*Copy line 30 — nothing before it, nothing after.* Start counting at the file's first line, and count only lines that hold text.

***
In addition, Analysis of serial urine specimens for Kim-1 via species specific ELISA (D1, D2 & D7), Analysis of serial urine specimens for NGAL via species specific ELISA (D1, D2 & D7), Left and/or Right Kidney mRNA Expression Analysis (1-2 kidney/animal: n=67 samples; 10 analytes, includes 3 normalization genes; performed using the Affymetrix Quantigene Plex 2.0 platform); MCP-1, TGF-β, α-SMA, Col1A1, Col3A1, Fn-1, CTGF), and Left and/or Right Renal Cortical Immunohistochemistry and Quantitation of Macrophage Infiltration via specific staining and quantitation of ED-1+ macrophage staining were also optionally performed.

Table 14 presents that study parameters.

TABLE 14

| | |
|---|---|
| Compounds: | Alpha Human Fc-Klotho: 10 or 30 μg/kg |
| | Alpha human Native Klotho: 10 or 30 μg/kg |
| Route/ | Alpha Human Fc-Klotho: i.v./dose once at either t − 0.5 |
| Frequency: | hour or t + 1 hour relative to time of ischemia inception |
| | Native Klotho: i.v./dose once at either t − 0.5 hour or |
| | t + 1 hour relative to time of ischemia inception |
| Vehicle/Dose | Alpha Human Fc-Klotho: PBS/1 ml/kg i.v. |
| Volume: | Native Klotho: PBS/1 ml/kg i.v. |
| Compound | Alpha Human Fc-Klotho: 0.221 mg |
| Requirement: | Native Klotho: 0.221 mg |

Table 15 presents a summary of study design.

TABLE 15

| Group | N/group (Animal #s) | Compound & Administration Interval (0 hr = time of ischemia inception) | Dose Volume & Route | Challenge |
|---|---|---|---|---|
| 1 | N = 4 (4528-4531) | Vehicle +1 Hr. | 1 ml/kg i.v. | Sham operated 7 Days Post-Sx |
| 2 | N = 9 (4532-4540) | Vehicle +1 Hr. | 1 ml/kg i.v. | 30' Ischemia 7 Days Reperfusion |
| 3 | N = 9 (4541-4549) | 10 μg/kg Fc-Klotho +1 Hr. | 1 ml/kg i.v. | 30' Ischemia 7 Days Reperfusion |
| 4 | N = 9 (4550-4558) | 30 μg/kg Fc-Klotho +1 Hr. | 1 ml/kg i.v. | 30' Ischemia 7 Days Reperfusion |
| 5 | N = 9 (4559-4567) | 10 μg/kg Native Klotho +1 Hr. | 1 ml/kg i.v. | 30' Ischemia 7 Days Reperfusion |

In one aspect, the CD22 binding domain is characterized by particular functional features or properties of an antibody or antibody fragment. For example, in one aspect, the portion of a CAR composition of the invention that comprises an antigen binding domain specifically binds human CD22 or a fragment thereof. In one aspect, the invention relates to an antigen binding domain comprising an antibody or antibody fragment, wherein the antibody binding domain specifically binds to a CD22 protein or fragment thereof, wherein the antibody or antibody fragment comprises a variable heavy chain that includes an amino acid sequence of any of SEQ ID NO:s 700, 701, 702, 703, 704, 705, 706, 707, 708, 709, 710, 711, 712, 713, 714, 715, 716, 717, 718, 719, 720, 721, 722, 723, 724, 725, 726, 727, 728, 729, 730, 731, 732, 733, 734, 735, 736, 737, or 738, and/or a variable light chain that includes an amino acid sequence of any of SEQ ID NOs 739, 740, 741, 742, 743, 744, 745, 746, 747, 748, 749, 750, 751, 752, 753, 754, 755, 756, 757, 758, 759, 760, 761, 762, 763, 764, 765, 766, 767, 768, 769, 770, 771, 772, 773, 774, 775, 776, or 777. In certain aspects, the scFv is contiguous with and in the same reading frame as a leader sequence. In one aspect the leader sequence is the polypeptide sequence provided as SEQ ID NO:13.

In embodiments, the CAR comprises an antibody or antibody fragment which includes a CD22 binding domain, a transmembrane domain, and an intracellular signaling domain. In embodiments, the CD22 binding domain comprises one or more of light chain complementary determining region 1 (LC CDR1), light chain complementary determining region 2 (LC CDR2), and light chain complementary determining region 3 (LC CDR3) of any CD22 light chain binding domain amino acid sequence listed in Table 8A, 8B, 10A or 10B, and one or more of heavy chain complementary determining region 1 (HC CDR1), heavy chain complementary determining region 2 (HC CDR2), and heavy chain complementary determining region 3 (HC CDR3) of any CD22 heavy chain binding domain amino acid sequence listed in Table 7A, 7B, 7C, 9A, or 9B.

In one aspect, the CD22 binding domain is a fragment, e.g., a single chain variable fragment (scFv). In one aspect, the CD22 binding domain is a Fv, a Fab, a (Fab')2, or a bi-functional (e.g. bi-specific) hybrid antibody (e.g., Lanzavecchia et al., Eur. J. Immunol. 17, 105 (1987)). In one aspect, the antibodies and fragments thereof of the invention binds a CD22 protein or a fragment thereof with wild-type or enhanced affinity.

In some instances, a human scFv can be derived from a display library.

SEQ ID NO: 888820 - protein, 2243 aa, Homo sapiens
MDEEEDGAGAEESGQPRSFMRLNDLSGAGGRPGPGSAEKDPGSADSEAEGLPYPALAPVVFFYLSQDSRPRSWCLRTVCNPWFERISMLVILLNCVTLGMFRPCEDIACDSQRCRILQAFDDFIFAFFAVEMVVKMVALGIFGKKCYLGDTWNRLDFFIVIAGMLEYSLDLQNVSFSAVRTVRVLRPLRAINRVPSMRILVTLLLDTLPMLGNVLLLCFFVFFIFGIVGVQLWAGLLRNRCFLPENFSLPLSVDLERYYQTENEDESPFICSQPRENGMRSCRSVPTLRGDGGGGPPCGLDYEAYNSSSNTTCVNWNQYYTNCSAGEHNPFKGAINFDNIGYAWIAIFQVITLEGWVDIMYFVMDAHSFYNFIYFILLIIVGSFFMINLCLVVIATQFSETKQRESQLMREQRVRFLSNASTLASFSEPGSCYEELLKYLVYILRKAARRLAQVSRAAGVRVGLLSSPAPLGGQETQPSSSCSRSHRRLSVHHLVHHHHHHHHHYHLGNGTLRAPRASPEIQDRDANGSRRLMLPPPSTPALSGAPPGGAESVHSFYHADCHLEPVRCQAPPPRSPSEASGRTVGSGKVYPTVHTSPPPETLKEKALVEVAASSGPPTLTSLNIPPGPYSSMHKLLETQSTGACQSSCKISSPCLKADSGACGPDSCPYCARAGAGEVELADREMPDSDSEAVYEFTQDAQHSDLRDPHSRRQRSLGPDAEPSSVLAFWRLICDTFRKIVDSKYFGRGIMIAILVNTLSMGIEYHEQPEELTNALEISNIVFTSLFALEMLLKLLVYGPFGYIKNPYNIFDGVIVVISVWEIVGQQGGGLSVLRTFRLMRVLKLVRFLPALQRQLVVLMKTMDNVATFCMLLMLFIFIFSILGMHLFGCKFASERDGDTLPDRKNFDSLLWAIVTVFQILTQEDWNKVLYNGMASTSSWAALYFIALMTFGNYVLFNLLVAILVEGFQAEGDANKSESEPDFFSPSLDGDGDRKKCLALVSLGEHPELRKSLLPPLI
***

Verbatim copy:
MDEEEDGAGAEESGQPRSFMRLNDLSGAGGRPGPGSAEKDPGSADSEAEGLPYPALAPVVFFYLSQDSRPRSWCLRTVCNPWFERISMLVILLNCVTLGMFRPCEDIACDSQRCRILQAFDDFIFAFFAVEMVVKMVALGIFGKKCYLGDTWNRLDFFIVIAGMLEYSLDLQNVSFSAVRTVRVLRPLRAINRVPSMRILVTLLLDTLPMLGNVLLLCFFVFFIFGIVGVQLWAGLLRNRCFLPENFSLPLSVDLERYYQTENEDESPFICSQPRENGMRSCRSVPTLRGDGGGGPPCGLDYEAYNSSSNTTCVNWNQYYTNCSAGEHNPFKGAINFDNIGYAWIAIFQVITLEGWVDIMYFVMDAHSFYNFIYFILLIIVGSFFMINLCLVVIATQFSETKQRESQLMREQRVRFLSNASTLASFSEPGSCYEELLKYLVYILRKAARRLAQVSRAAGVRVGLLSSPAPLGGQETQPSSSCSRSHRRLSVHHLVHHHHHHHHHYHLGNGTLRAPRASPEIQDRDANGSRRLMLPPPSTPALSGAPPGGAESVHSFYHADCHLEPVRCQAPPPRSPSEASGRTVGSGKVYPTVHTSPPPETLKEKALVEVAASSGPPTLTSLNIPPGPYSSMHKLLETQSTGACQSSCKISSPCLKADSGACGPDSCPYCARAGAGEVELADREMPDSDSEAVYEFTQDAQHSDLRDPHSRRQRSLGPDAEPSSVLAFWRLICDTFRKIVDSKYFGRGIMIAILVNTLSMGIEYHEQPEELTNALEISNIVFTSLFALEMLLKLLVYGPFGYIKNPYNIFDGVIVVISVWEIVGQQGGGLSVLRTFRLMRVLKLVRFLPALQRQLVVLMKTMDNVATFCMLLMLFIFIFSILGMHLFGCKFASERDGDTLPDRKNFDSLLWAIVTVFQILTQEDWNKVLYNGMASTSSWAALYFIALMTFGNYVLFNLLVAILVEGFQAEGDANKSESEPDFFSPSLDGDGDRKKCLALVSLGEHPELRKSLLPPLI